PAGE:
Why is it that the writers at the Times, who have more influence than any other group of science journalists in the country, never see fit to sympathetically investigate the work of independent cancer scientists, like Dr. Springer or Duncan McCollester, M.D., Ph.D., of Westchester County, another immunological pioneer.

Innovative cancer immunotherapy is not the exclusive preserve of academic institutions. Many independents have made major findings. Also, even in the big academic centers, the people who have made the lasting contributions have often been the "mavericks" shunned, denied and eventually forced out by their more conventional colleagues.

The Times writers, whatever their other attributes, generally ignore the contributions of maverick researchers such as Georg Springer and Duncan McCollester--and we could name hundreds of others! They are always playing up the achievements of academics with drug company contracts in their pockets, yet over and over again these achievements turn out to be hollow, half-baked or impractical. Those who have made lasting contributions to the war on cancer are generally deemed "unfit to print."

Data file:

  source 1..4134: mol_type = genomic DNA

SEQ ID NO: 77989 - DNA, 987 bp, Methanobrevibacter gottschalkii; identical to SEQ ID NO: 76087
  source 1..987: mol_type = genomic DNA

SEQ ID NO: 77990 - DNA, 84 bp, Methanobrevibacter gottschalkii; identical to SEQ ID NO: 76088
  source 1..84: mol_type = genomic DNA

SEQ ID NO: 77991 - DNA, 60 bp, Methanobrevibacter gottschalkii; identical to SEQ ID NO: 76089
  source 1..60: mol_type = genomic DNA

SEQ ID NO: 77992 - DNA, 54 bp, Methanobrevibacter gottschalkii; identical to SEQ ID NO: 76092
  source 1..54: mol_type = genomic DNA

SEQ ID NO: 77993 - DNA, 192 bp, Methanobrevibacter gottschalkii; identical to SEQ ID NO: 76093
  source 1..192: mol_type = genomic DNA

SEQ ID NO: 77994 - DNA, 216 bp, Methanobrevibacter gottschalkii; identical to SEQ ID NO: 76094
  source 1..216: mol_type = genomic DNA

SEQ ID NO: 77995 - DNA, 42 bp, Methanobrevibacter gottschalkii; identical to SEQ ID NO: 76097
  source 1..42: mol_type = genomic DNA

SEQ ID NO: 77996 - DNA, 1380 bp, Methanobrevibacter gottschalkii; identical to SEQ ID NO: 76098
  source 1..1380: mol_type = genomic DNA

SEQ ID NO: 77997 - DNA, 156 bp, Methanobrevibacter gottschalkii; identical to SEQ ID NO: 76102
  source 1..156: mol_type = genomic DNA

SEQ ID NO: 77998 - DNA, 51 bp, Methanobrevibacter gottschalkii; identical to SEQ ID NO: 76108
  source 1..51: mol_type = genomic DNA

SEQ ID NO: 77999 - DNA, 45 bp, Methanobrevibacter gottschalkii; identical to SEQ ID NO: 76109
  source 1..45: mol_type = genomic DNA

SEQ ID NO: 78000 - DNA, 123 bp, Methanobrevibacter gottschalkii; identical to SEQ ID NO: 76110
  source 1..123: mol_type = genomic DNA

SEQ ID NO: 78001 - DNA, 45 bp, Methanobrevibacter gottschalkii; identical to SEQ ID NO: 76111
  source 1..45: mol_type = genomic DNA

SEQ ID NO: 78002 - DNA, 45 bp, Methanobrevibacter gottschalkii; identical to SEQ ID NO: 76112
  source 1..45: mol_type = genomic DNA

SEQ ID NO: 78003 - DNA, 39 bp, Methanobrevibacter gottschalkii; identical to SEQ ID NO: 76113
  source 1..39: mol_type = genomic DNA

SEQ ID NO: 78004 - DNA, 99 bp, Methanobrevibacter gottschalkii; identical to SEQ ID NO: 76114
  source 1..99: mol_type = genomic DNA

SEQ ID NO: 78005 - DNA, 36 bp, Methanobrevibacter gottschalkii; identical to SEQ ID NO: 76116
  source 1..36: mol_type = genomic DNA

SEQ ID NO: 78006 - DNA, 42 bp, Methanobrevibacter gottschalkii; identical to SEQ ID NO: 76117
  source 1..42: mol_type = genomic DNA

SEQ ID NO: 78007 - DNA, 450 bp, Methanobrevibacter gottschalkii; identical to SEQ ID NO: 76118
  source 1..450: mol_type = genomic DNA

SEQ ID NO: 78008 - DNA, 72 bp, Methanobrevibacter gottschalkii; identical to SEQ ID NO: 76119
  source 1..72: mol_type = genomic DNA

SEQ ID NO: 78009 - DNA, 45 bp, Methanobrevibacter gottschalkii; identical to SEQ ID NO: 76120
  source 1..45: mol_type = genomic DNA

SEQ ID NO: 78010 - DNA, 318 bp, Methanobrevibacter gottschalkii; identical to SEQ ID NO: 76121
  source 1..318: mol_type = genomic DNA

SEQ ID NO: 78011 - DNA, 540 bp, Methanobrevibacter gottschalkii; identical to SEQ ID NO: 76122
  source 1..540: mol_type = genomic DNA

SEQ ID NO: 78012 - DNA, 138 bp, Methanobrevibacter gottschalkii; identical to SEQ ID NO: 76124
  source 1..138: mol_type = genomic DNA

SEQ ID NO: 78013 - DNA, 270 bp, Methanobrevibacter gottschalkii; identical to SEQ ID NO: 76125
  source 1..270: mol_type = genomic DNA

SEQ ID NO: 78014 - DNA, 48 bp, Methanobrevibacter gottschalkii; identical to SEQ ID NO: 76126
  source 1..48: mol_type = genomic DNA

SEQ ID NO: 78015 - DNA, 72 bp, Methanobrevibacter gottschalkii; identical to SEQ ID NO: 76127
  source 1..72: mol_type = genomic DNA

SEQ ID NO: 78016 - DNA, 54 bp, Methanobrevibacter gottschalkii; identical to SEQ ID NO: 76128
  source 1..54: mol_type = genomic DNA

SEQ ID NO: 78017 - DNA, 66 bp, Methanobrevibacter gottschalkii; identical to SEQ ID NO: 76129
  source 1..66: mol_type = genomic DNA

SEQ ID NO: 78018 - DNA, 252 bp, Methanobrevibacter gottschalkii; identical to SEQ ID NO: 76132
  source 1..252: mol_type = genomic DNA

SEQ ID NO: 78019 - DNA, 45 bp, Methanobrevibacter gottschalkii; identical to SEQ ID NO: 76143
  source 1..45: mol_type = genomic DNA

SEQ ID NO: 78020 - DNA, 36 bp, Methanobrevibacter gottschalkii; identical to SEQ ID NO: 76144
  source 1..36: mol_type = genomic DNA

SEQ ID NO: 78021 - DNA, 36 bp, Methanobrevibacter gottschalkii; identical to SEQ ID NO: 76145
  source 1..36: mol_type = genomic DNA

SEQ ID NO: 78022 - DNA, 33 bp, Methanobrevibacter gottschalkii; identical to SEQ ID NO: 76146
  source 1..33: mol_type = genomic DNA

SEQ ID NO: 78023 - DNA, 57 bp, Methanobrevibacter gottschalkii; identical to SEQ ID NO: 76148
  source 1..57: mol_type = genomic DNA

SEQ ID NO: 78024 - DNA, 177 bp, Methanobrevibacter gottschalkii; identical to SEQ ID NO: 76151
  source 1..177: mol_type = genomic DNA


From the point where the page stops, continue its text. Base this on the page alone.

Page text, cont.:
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Ralph W. Moss, Ph.D. is director of the The Moss Reports for cancer patients. Dr. Moss is the author of eleven books and three documentaries on cancer-related topics. He is or has been an advisor on alternative cancer treatments to the National Institutes of Health, the National Cancer Institute, the American Urological Association, Columbia University, the University of Texas, the Susan G. Komen Foundation and the German Society of Oncology. He wrote the first article on alternative medicine for the Encyclopedia Britannica yearbook. He is listed in Marquis Who's Who in America, Who's Who in the World, Who's Who in the East, and Who's Who in Entertainment (as a film documentarian). This Web site does not advocate any particular treatment for cancer. We urge you to always seek competent medical advice for all health problems, especially cancer. Before consulting our site please read our full Disclaimer statement.